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    ABSTRACT: Social complexity is argued to be a driving factor in the evolution of communicative complexity. Complex social systems require individuals to form relationships with many conspecifics and interact in a wide variety of contexts over time, thus selecting for acoustic communication systems complex enough to facilitate these relationships. To better understand the evolution of such social and communicative complexity, we investigated a nocturnal, solitary forager, Garnett’s bushbaby (Otolemur garnettii), as a lorisoid model for the ancestral primate social systems from which more complex systems evolved.We hypothesized that it would be advantageous for solitary foragers to have individual differences in long-distance calls, as this could be crucial to the maintenance of their dispersed social networks. We tested for individual differences in the long distance bark vocalization. We measured 6 frequency and temporal parameters for 120 barks (15 barks from each of 8 individuals housed at the University of Southern Mississippi). Principal component and discriminant function analyses assigned the calls to the respective individuals at a rate that was moderately accurate and higher than chance (binomial test: 54.2% correct, P < 0.001, chance = 12.5%). This pilot work provides moderate evidence for individual differences and isthe first such study to be conducted on lorisoids. Because individual differences have been documented in the vocalizations of solitary foraging lemuroids, we suggest that moderate individual differences may have been present in ancestral primates and contributed to the dispersed social system that is thought to have been the foundation from which increased social complexity evolved in primates.
    International Journal of Primatology 06/2015; DOI:10.1007/s10764-015-9847-z · 1.99 Impact Factor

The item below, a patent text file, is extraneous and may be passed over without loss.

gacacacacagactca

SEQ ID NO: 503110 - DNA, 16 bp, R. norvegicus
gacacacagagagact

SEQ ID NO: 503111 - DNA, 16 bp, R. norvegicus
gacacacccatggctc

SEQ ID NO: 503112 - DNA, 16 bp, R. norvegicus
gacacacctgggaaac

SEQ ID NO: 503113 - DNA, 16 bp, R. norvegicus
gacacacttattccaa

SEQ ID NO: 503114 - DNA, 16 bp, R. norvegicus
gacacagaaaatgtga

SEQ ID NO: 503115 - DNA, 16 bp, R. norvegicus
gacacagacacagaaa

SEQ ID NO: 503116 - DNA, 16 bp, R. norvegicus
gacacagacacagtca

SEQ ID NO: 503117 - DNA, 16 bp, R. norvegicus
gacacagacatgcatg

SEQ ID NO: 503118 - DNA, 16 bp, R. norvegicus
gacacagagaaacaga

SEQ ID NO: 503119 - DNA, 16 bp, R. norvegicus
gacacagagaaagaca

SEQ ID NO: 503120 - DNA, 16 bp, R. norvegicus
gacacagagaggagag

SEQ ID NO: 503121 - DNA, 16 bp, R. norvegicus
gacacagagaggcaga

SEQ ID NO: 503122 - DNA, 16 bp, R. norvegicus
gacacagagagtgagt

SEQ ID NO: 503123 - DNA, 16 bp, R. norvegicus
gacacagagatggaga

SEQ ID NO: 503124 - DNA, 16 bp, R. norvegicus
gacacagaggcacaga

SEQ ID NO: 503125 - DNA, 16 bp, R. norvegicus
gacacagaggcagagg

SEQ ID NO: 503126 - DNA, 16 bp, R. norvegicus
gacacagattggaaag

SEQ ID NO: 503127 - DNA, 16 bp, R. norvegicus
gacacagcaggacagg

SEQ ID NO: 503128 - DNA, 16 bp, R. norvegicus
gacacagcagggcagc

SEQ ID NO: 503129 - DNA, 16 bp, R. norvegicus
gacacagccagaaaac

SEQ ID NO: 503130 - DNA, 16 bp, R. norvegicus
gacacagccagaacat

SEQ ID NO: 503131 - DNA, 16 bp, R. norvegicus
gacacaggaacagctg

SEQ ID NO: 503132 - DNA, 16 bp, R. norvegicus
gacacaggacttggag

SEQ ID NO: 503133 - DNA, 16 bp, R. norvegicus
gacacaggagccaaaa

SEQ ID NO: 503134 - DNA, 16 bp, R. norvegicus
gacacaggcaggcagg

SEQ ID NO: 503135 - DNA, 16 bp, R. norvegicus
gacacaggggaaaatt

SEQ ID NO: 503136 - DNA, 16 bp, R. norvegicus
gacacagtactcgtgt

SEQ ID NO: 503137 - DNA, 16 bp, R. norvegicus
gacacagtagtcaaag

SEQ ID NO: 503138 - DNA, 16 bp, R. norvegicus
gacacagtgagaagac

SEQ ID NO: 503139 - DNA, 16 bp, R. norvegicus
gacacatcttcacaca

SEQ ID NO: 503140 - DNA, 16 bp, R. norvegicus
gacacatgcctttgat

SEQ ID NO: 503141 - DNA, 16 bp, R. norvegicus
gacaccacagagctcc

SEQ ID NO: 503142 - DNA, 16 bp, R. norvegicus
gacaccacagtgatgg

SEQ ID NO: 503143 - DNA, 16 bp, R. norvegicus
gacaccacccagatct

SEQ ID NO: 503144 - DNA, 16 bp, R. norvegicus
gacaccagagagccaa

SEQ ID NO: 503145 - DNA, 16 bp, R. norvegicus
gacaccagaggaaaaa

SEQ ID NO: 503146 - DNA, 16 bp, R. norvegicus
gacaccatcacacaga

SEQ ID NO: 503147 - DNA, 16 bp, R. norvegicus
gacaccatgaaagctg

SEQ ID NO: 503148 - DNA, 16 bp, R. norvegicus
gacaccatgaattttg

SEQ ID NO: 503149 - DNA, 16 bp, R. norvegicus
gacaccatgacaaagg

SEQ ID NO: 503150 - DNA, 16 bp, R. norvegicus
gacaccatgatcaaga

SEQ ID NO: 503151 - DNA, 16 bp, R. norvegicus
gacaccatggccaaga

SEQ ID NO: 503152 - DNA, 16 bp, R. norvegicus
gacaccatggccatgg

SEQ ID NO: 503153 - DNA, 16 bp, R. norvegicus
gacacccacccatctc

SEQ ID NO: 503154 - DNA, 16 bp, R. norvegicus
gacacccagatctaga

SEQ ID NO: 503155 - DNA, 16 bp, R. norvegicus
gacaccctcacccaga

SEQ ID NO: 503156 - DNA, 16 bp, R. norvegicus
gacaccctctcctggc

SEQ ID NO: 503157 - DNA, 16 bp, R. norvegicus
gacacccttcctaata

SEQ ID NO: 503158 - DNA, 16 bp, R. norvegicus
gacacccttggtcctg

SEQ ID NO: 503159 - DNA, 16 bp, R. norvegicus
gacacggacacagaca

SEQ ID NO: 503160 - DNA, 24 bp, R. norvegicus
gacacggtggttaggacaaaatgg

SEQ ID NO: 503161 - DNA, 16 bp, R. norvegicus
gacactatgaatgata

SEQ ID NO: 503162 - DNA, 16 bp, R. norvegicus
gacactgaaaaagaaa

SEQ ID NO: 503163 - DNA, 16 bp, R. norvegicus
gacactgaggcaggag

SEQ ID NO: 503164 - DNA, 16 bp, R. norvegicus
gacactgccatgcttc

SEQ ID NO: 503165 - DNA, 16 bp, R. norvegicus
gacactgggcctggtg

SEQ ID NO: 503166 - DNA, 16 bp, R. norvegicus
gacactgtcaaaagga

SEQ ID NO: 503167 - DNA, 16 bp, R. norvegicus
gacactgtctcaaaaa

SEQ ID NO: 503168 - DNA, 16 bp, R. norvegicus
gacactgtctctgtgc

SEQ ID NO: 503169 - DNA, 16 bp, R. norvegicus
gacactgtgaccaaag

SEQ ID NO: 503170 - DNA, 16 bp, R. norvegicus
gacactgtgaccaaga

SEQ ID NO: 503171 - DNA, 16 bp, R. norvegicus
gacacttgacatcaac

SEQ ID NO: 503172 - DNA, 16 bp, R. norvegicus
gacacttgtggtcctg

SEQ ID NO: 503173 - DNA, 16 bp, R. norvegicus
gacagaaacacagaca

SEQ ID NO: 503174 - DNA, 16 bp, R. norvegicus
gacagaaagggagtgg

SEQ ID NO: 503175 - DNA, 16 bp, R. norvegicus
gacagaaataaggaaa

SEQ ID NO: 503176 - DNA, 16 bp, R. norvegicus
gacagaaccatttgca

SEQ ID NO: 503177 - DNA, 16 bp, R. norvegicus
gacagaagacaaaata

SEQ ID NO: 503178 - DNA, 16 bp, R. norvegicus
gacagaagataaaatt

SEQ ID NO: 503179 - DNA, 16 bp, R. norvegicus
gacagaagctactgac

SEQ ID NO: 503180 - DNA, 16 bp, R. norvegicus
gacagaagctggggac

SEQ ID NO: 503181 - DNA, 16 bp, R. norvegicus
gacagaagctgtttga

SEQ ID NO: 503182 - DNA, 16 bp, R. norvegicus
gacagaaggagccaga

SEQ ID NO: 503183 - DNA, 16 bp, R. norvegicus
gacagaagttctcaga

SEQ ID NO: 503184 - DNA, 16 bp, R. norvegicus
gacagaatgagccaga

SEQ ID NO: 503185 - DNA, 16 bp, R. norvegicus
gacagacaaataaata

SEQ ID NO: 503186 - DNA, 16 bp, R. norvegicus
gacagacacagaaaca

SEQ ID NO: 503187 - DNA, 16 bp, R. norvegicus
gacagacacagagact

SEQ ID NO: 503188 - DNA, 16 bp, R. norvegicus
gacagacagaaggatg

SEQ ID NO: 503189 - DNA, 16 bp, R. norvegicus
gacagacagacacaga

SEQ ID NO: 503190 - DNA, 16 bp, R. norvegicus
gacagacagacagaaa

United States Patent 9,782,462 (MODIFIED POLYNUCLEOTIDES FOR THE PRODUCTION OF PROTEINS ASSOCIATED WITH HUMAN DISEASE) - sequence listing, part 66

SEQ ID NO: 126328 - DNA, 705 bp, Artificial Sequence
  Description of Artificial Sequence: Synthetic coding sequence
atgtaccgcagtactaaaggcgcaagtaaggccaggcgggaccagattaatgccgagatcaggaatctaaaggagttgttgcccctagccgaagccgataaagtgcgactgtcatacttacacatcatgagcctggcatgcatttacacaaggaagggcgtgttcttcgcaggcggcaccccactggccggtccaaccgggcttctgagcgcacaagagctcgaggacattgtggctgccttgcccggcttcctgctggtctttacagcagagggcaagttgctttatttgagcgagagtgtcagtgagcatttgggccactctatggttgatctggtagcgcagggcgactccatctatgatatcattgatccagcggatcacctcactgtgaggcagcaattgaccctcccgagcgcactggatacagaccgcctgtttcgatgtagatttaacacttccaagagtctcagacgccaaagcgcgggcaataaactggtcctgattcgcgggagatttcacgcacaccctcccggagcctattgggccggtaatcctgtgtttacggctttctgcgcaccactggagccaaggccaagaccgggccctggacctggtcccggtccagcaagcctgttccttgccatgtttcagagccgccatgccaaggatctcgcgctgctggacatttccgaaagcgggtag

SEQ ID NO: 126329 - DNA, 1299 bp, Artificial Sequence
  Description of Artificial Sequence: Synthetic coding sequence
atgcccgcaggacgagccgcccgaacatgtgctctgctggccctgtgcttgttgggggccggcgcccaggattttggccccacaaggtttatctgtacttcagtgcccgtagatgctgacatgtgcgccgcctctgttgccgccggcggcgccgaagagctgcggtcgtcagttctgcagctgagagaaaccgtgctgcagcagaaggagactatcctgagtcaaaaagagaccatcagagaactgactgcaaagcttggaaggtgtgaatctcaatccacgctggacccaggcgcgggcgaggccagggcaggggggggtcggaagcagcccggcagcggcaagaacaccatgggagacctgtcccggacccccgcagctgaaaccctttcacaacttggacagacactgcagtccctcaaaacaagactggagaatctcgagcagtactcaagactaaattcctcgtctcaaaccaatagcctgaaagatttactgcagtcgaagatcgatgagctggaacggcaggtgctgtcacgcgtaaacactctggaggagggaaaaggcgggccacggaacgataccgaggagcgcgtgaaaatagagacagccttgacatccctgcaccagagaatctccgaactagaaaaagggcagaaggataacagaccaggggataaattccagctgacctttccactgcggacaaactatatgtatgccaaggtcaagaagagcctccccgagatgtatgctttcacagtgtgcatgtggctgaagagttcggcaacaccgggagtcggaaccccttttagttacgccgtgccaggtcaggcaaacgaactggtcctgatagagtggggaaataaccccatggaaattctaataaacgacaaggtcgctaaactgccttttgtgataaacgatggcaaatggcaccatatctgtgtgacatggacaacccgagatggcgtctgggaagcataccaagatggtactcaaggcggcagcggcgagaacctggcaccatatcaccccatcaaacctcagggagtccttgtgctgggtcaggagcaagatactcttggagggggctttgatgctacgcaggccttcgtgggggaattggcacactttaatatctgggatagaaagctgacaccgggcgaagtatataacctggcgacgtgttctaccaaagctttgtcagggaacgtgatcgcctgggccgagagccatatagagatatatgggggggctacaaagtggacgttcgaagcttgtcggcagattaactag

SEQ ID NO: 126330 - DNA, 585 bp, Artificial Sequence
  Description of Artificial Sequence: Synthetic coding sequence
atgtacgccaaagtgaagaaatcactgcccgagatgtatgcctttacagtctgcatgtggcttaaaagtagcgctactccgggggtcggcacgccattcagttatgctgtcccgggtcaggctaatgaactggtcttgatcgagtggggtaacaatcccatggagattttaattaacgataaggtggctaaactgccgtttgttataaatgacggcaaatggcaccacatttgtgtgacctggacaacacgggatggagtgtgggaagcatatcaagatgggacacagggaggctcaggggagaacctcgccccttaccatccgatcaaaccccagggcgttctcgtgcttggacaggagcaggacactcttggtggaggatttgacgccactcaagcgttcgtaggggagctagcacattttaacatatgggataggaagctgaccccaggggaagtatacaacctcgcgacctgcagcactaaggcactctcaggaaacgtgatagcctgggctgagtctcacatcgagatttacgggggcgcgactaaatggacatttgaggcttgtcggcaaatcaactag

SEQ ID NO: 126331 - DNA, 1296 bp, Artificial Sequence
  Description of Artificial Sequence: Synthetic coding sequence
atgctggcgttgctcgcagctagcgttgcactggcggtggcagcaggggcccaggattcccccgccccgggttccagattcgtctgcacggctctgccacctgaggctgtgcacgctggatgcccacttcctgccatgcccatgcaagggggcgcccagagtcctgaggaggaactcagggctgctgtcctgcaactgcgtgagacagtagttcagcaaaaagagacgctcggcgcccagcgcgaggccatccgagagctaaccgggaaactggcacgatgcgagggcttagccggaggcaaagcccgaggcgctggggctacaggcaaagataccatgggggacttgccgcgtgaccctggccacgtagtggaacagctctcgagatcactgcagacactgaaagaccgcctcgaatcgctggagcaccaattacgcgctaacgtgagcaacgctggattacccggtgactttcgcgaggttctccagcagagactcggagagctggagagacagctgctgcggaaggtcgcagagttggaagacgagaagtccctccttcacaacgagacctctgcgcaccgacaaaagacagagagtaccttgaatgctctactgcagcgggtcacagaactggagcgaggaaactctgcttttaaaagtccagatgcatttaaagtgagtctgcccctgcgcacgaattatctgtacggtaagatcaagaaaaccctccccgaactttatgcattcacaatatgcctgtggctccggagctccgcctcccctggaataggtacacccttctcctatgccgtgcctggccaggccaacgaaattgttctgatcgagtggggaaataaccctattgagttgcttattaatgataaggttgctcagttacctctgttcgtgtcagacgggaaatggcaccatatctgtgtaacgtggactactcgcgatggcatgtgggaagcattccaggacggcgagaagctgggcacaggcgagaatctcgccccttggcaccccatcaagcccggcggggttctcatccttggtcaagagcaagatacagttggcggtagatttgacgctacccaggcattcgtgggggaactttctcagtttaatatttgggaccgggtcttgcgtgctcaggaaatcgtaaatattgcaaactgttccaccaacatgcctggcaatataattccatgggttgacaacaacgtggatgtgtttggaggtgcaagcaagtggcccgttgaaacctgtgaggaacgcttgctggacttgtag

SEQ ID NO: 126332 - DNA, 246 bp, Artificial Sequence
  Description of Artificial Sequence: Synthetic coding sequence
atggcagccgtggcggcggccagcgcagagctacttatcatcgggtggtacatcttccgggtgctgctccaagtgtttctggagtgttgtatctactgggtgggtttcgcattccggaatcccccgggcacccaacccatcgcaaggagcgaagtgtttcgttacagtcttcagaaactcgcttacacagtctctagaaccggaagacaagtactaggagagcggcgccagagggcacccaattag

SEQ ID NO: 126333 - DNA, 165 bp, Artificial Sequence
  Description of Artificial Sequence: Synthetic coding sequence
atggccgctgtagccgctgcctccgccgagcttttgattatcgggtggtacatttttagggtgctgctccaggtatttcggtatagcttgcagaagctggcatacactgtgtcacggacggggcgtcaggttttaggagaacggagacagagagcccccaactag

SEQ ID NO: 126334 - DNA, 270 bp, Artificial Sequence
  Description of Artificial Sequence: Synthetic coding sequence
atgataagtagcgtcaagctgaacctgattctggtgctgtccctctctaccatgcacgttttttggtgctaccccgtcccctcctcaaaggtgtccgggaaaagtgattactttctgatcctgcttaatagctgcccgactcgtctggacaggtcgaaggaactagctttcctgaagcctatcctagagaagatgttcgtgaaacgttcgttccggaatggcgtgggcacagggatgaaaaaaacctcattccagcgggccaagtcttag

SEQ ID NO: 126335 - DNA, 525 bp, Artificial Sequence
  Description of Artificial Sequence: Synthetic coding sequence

• "The budgerigar (Melopsittacus undulatus ) and the orange fronted conure (Arantinga canicularis) have both been studied extensively and both have been shown to possess individually distinctive signature contact calls (Farabaugh & Dooling, 1996; Bradbury et al., 2001; Cortopassi & Bradbury, 2006). Contact calls are found in both birds and mammals (e.g., birds: e.g., Zann, 1965; Stokes, 1967; Wyndham, 1980; Martella & Bucher, 1990; Farabaugh & Dooling, 1996; Wright, 1996; Bradbury et al., 2001; Bradbury, 2003; Vignal et al., 2004; mammals: e.g., bottlenose dolphins: Janik & Slater, 1998; chacma baboons: Rendall et al., 2000; fur seals: Charrier et al., 2003). Contact calls are usually given when an individual is isolated from its companions and is hypothesized to facilitate pair formation and maintenance (e.g., Hile et al., 2000), location of offspring (e.g., Jouventin et al., 1999), individual recognition (Brown et al., 1988; Janik & Slater, 1998; Wanker & Fischer, 2001; Vignal et al., 2004; Buhrman-Deever et al., 2008; Berg et al., 2011) as well as to help establishing new social connections, affirming existing connections, group cohesion or coordinating movement and spacing among groups and individuals (Bradbury et al., 2001; Bradbury, 2003; Marler, 2004; Cortopassi & Bradbury, 2006; Balsby & Bradbury, 2009; Kondo & Watanabe, 2009). "
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    Behaviour 04/2015; 152(11). DOI:10.1163/1568539X-00003286 · 1.23 Impact Factor
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    • "If they locate the general whereabouts of the entire group, they may change behaviour in relation to their own spatial position, for example, central– peripheral zone of the group (Robinson 1981; Janson 1990). Further examination of behavioural changes in relation to relative position of the group is necessary , such as monitoring behaviour of group members (Kazahari & Agetsuma 2010; Suzuki & Sugiura 2011) and contact calls (Boinski & Campbell 1995; Rendall et al. 2000; this study). "
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    Ethology 01/2014; 120(1). DOI:10.1111/eth.12176 · 1.79 Impact Factor